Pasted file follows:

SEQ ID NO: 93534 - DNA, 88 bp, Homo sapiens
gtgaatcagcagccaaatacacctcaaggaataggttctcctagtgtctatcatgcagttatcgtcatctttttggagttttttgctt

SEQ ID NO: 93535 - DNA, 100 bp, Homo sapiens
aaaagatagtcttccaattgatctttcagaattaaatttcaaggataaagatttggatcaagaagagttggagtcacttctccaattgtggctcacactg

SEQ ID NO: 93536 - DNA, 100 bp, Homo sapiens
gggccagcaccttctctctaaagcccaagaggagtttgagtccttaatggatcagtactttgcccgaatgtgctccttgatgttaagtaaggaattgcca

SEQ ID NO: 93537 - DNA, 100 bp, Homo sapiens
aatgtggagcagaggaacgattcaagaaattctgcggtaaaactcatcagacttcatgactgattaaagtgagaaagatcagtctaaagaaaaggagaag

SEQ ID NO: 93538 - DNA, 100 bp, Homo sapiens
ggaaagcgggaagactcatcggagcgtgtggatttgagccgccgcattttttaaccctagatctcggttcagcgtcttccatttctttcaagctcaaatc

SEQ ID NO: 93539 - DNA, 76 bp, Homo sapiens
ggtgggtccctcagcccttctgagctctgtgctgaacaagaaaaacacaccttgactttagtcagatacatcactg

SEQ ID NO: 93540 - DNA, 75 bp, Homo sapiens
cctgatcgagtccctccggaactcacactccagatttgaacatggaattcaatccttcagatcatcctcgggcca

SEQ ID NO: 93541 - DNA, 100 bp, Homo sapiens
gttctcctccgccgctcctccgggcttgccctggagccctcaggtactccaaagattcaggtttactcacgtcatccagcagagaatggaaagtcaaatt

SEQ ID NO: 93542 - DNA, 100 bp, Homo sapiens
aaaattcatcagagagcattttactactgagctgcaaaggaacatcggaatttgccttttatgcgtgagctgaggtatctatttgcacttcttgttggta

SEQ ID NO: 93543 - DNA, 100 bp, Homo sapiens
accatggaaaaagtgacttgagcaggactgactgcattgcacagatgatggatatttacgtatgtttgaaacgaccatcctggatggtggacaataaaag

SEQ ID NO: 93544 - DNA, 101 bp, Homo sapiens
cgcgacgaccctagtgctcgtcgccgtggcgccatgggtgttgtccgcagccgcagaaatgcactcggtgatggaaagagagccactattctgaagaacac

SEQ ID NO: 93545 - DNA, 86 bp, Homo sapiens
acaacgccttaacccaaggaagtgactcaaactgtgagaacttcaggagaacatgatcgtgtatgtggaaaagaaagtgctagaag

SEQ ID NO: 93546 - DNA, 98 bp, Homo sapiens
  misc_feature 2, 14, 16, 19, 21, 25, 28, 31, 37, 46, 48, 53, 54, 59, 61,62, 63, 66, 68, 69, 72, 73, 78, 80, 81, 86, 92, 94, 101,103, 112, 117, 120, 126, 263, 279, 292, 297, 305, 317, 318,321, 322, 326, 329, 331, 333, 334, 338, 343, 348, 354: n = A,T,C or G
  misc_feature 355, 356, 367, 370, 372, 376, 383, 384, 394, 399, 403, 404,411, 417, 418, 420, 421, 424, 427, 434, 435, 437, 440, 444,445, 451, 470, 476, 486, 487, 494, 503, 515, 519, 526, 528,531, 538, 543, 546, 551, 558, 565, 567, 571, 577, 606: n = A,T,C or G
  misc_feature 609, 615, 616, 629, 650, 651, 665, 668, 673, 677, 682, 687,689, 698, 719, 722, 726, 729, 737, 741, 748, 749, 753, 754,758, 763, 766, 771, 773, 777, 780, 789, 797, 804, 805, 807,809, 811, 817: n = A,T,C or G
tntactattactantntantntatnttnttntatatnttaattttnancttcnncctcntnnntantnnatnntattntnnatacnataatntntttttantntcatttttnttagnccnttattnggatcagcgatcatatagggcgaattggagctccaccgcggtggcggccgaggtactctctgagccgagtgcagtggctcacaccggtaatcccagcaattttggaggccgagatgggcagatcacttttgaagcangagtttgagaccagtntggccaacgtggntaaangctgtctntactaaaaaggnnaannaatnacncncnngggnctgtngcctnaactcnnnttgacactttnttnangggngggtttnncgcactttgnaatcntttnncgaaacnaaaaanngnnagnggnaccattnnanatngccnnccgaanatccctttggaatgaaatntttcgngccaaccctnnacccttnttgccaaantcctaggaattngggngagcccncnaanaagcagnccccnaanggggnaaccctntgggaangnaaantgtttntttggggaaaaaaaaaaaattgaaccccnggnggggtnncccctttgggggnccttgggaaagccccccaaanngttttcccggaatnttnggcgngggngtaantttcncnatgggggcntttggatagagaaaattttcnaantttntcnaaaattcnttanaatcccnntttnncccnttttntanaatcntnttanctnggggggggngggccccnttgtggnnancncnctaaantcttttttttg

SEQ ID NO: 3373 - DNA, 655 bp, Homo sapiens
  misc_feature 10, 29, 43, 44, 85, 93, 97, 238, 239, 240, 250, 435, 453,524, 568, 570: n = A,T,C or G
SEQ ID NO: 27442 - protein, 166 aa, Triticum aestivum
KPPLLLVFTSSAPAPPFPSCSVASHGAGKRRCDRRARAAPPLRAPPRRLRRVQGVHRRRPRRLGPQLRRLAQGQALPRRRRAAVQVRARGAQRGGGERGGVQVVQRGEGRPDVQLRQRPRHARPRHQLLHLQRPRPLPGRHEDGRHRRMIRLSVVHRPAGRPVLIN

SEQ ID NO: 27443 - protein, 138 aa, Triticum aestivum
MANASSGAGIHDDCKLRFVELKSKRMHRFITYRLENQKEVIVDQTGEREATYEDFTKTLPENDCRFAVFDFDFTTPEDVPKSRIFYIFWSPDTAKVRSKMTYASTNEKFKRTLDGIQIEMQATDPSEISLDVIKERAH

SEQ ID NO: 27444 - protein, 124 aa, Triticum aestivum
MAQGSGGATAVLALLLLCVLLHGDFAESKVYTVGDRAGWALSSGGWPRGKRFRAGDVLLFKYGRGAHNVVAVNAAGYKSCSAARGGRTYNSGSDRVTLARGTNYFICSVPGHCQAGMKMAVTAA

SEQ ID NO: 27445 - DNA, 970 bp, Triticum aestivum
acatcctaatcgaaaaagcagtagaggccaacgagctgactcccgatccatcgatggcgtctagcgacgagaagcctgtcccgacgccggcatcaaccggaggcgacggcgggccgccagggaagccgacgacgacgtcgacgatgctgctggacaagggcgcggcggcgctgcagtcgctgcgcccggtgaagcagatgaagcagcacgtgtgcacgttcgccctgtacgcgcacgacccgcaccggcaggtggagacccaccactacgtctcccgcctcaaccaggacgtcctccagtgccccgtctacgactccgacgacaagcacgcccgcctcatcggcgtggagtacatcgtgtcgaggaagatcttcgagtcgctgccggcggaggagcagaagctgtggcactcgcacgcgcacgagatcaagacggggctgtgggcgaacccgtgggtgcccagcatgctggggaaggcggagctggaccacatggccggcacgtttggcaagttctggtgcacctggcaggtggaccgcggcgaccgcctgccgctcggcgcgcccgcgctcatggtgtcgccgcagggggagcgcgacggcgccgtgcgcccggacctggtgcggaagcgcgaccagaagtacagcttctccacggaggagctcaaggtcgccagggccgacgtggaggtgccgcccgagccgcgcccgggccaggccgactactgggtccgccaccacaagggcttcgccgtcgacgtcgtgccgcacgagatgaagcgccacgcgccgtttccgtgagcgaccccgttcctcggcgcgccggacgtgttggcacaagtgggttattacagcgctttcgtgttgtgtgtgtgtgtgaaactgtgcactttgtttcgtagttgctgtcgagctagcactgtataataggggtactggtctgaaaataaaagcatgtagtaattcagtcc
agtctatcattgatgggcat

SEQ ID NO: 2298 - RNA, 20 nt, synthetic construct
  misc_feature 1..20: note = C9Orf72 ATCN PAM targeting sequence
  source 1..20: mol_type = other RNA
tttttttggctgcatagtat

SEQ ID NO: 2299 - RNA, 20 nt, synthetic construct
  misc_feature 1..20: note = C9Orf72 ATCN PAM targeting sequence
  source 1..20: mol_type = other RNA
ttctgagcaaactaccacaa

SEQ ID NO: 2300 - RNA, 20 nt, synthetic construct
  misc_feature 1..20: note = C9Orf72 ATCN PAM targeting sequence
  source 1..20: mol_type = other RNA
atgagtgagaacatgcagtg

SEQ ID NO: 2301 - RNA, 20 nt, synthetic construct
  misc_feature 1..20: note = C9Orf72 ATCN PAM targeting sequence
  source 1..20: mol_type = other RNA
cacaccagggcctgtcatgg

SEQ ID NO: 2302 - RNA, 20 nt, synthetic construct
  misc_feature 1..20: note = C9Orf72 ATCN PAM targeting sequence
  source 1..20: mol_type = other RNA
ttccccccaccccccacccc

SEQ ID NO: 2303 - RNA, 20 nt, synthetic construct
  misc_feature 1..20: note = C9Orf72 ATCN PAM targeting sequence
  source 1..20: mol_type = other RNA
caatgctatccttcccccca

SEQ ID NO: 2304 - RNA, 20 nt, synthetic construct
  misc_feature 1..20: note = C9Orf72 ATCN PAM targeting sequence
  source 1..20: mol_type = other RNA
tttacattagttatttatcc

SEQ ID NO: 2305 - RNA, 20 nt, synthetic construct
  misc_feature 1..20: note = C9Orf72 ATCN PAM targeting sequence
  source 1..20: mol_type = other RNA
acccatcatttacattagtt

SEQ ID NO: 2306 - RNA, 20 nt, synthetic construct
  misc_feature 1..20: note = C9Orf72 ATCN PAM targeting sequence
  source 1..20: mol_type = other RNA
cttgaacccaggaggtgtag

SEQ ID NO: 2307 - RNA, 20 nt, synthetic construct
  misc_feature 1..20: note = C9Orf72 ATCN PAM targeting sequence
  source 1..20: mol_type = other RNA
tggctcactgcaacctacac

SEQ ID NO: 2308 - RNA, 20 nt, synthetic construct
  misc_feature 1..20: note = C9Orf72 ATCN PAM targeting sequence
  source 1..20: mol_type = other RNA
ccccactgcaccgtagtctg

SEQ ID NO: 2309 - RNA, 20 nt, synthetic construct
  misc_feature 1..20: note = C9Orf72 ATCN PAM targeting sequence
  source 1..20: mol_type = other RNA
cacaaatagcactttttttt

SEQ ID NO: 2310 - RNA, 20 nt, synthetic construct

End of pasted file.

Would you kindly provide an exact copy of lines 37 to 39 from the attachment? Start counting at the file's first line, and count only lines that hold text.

MAQGSGGATAVLALLLLCVLLHGDFAESKVYTVGDRAGWALSSGGWPRGKRFRAGDVLLFKYGRGAHNVVAVNAAGYKSCSAARGGRTYNSGSDRVTLARGTNYFICSVPGHCQAGMKMAVTAA

SEQ ID NO: 27445 - DNA, 970 bp, Triticum aestivum
acatcctaatcgaaaaagcagtagaggccaacgagctgactcccgatccatcgatggcgtctagcgacgagaagcctgtcccgacgccggcatcaaccggaggcgacggcgggccgccagggaagccgacgacgacgtcgacgatgctgctggacaagggcgcggcggcgctgcagtcgctgcgcccggtgaagcagatgaagcagcacgtgtgcacgttcgccctgtacgcgcacgacccgcaccggcaggtggagacccaccactacgtctcccgcctcaaccaggacgtcctccagtgccccgtctacgactccgacgacaagcacgcccgcctcatcggcgtggagtacatcgtgtcgaggaagatcttcgagtcgctgccggcggaggagcagaagctgtggcactcgcacgcgcacgagatcaagacggggctgtgggcgaacccgtgggtgcccagcatgctggggaaggcggagctggaccacatggccggcacgtttggcaagttctggtgcacctggcaggtggaccgcggcgaccgcctgccgctcggcgcgcccgcgctcatggtgtcgccgcagggggagcgcgacggcgccgtgcgcccggacctggtgcggaagcgcgaccagaagtacagcttctccacggaggagctcaaggtcgccagggccgacgtggaggtgccgcccgagccgcgcccgggccaggccgactactgggtccgccaccacaagggcttcgccgtcgacgtcgtgccgcacgagatgaagcgccacgcgccgtttccgtgagcgaccccgttcctcggcgcgccggacgtgttggcacaagtgggttattacagcgctttcgtgttgtgtgtgtgtgtgaaactgtgcactttgtttcgtagttgctgtcgagctagcactgtataataggggtactggtctgaaaataaaagcatgtagtaattcagtcc